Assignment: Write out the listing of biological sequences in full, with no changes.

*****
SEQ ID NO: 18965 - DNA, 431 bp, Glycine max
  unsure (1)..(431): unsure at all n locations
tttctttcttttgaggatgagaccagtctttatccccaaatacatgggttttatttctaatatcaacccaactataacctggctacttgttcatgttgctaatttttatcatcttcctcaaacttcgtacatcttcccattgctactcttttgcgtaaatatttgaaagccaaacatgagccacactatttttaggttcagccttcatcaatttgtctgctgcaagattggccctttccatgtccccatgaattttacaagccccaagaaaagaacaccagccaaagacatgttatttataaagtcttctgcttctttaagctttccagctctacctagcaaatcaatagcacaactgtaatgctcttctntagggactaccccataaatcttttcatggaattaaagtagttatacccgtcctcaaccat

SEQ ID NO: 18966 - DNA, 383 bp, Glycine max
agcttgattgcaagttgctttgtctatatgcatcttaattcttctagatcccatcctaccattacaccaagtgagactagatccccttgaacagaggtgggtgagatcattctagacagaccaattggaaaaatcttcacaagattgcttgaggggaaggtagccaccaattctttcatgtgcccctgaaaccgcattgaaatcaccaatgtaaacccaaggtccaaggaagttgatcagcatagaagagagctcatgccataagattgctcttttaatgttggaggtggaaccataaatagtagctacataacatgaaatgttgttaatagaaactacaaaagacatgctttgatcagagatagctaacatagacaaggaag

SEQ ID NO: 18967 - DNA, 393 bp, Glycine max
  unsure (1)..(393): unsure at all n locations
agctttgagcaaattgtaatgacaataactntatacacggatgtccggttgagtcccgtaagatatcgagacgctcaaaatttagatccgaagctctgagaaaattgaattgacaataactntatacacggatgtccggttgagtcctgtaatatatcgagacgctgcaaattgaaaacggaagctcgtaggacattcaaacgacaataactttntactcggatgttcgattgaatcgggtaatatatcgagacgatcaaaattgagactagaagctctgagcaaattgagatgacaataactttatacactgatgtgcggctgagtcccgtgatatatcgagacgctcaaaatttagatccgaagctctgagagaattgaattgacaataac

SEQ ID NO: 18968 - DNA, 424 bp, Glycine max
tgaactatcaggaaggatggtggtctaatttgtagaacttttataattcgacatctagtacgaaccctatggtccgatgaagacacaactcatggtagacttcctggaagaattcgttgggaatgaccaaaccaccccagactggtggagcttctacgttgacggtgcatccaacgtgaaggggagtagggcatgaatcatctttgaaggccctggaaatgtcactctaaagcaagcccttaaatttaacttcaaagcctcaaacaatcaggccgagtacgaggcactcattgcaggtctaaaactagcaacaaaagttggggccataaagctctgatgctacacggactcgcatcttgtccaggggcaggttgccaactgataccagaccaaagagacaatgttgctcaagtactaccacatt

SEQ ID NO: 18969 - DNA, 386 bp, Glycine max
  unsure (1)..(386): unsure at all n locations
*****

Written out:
SEQ ID NO: 18965 - DNA, 431 bp, Glycine max
  unsure (1)..(431): unsure at all n locations
tttctttcttttgaggatgagaccagtctttatccccaaatacatgggttttatttctaatatcaacccaactataacctggctacttgttcatgttgctaatttttatcatcttcctcaaacttcgtacatcttcccattgctactcttttgcgtaaatatttgaaagccaaacatgagccacactatttttaggttcagccttcatcaatttgtctgctgcaagattggccctttccatgtccccatgaattttacaagccccaagaaaagaacaccagccaaagacatgttatttataaagtcttctgcttctttaagctttccagctctacctagcaaatcaatagcacaactgtaatgctcttctntagggactaccccataaatcttttcatggaattaaagtagttatacccgtcctcaaccat

SEQ ID NO: 18966 - DNA, 383 bp, Glycine max
agcttgattgcaagttgctttgtctatatgcatcttaattcttctagatcccatcctaccattacaccaagtgagactagatccccttgaacagaggtgggtgagatcattctagacagaccaattggaaaaatcttcacaagattgcttgaggggaaggtagccaccaattctttcatgtgcccctgaaaccgcattgaaatcaccaatgtaaacccaaggtccaaggaagttgatcagcatagaagagagctcatgccataagattgctcttttaatgttggaggtggaaccataaatagtagctacataacatgaaatgttgttaatagaaactacaaaagacatgctttgatcagagatagctaacatagacaaggaag

SEQ ID NO: 18967 - DNA, 393 bp, Glycine max
  unsure (1)..(393): unsure at all n locations
agctttgagcaaattgtaatgacaataactntatacacggatgtccggttgagtcccgtaagatatcgagacgctcaaaatttagatccgaagctctgagaaaattgaattgacaataactntatacacggatgtccggttgagtcctgtaatatatcgagacgctgcaaattgaaaacggaagctcgtaggacattcaaacgacaataactttntactcggatgttcgattgaatcgggtaatatatcgagacgatcaaaattgagactagaagctctgagcaaattgagatgacaataactttatacactgatgtgcggctgagtcccgtgatatatcgagacgctcaaaatttagatccgaagctctgagagaattgaattgacaataac

SEQ ID NO: 18968 - DNA, 424 bp, Glycine max
tgaactatcaggaaggatggtggtctaatttgtagaacttttataattcgacatctagtacgaaccctatggtccgatgaagacacaactcatggtagacttcctggaagaattcgttgggaatgaccaaaccaccccagactggtggagcttctacgttgacggtgcatccaacgtgaaggggagtagggcatgaatcatctttgaaggccctggaaatgtcactctaaagcaagcccttaaatttaacttcaaagcctcaaacaatcaggccgagtacgaggcactcattgcaggtctaaaactagcaacaaaagttggggccataaagctctgatgctacacggactcgcatcttgtccaggggcaggttgccaactgataccagaccaaagagacaatgttgctcaagtactaccacatt

SEQ ID NO: 18969 - DNA, 386 bp, Glycine max
  unsure (1)..(386): unsure at all n locations